The Council of Good Friends is a new book from author Nikesh Shukla and Knights Of. We are thrilled to share a Q&A with Nikesh below!
Can you tell us a bit about your new book?
The book is about a group of friends, a group of male friends, a group of male friends who are there for each other, a group of male friends who are there for each other, but also get into capers, mischief, chaos and scrapes, just because… well, we all do, right? I wanted to write a book about boys who aren’t afraid of being vulnerable with each other, boys who can communicate and say how they feel, boys who can hold their hands up when they get stuff wrong, and boys who get into capers. It’s about Vinay, Musa, Inua and Nish, a solid group of friends who play together and hang out and watch every Marvel film and play football and cricket, and also, get into capers. When Vinay is about to get his own bedroom, he is horrified to learn that he has to share it with his cousin from India, Nikesh, and Nikesh thinks it’s his room. This kicks off a prank war that sends the boys to the edge and back.
Did people you know influence the characters – personalities, habits etc?
The characters are named after great, great friends of mine. But the make up of the group is very much a classic sitcom set up. You have the (and excuse the traditional gender roles here, I just suggest this as a way of writing comedy rather than how I think society should be constructed)… you have the patriarch, the matriarch, the craftsman and the clown. The patriarch is the ambitious one who dreams of a better life, the matriarch creates a place to nest and nurture, the craftsman is scheming and shortcutting their way to what they want and the clown is the architect of their own destruction. It’s a classic sitcom set up and I wanted to push towards that. So once I had those core archetypes down, it was about peppering details about the people they’re vaguely inspired by on to the character. But the Vinay in the book is not my friend Vinay and the Nikesh is not me!! My kids read it and were both like, ‘you’re the baddie in this…’ which made me laugh. Somehow I couldn’t convince them I was inspired by comedia dell’arte.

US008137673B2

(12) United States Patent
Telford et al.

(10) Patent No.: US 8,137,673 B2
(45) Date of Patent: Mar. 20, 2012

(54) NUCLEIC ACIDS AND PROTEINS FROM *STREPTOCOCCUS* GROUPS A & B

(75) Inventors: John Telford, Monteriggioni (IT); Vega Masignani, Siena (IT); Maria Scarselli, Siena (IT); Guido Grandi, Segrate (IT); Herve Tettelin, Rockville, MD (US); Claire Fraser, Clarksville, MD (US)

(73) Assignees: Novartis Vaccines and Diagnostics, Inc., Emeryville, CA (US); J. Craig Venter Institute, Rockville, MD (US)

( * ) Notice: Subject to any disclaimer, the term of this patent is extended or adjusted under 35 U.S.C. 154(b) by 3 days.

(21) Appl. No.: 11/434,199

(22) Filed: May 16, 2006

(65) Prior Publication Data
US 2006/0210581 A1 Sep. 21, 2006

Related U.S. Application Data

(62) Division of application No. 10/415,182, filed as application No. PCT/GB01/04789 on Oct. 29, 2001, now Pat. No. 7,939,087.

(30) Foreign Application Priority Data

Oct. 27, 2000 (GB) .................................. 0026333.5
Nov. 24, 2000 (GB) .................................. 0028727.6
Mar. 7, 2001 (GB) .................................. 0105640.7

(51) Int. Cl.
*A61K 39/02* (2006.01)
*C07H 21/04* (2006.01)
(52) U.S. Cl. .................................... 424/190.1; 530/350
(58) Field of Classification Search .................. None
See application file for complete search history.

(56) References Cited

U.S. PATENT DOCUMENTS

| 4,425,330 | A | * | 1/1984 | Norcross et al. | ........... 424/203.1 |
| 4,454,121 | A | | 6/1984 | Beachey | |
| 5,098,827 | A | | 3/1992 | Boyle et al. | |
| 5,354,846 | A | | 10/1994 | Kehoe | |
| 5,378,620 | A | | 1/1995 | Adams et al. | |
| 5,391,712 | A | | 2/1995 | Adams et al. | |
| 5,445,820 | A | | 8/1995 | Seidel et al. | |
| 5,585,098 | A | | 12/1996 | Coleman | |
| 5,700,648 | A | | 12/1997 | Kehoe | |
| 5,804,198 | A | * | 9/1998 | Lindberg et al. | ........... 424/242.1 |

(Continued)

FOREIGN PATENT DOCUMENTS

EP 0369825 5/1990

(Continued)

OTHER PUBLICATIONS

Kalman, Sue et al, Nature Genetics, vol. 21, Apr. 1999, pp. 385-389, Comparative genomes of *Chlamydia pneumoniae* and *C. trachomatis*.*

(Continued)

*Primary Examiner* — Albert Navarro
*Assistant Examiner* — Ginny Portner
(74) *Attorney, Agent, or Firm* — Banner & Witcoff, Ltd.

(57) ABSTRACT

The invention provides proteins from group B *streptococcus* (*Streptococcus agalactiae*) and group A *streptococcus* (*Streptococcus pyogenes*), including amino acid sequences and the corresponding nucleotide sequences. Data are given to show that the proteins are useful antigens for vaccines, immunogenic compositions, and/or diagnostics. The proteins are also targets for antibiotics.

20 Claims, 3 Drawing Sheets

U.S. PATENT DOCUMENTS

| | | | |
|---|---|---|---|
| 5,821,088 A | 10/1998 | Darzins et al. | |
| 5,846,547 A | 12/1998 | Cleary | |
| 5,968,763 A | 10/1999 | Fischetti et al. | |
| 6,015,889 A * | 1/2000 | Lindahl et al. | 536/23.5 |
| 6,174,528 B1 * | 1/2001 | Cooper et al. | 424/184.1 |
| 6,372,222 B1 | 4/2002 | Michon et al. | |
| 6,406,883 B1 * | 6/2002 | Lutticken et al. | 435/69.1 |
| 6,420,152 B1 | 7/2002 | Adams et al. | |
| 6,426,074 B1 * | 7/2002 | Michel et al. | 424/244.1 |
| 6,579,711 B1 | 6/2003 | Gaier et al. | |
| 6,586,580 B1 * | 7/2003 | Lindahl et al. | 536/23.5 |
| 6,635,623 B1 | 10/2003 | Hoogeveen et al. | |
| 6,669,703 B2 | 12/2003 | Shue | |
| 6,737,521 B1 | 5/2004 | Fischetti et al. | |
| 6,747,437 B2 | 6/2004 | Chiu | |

What do you hope readers will take from the book?
That you can make mistakes and get things wrong, and that doesn’t make you a bad person. What counts is what you do next.
How do you hope schools might use the book?
To kickstart a conversation on emotions and mental health, to talk about friendship groups and male friendships and to just have a laugh.
Were you a reader as a child?
Yes. I used to go to the library every week. I devoured comics and Star Trek and Star Wars novels and sci-fi and crime, and I read so much. I read everything I could get my hands on. I think one of the things I know about myself is that I’m a better reader than I am a writer. And that’s a good thing.
Favourite books from your childhood? And now – which children’s authors / books do you particularly love?
Spider-Man. It was always about Spider-Man.
What do you enjoy most about being an author?
Apart from telling stories for a living, reading and writing for a living, using my imagination for a living, it’s that feeling when you go into a bookshop and there’s your book, a collection of ideas you had in a certain time period, printed and presented to the world.
What is the biggest challenge when writing?
Keeping out external opinions about your work. Reviews are not for you, they’re for readers. Sure, if there is a critical engagement with your work that can help you be a better writer, then do engage with it. But Amazon reviews, GoodReads, reviews in newspapers, prize lists, best books to read on the toilet or at the beach or on a crowded bus or when you’re a bit sad lists, authors to look out for lists, and all those things, they’re designed to bring readers to books. They’re not going to make you a better writer. So it’s best to avoid them. I’m not doing this to have a perfect GoodReads rating or be the best author to read on the toilet or win a prize. I’m here to tell stories and ask questions about myself and the world, and none of that other stuff is guaranteed. If anything, it’s bonus. And it’s best not to expect them. So I just get on with the work. I’m ambitious, but about the scale of the work. I know authors love all that stuff, and that’s totally fine, but it’s just not for me.
What are your top tips for budding young writers (children)?
Make sure it’s a story you really care about.
The Council of Good Friends by Nikesh Shukla, illustrated by Rochelle Falconer, is published by Knights Of, out now. www.knightsof.media
Views expressed do not necessarily reflect those of the Federation.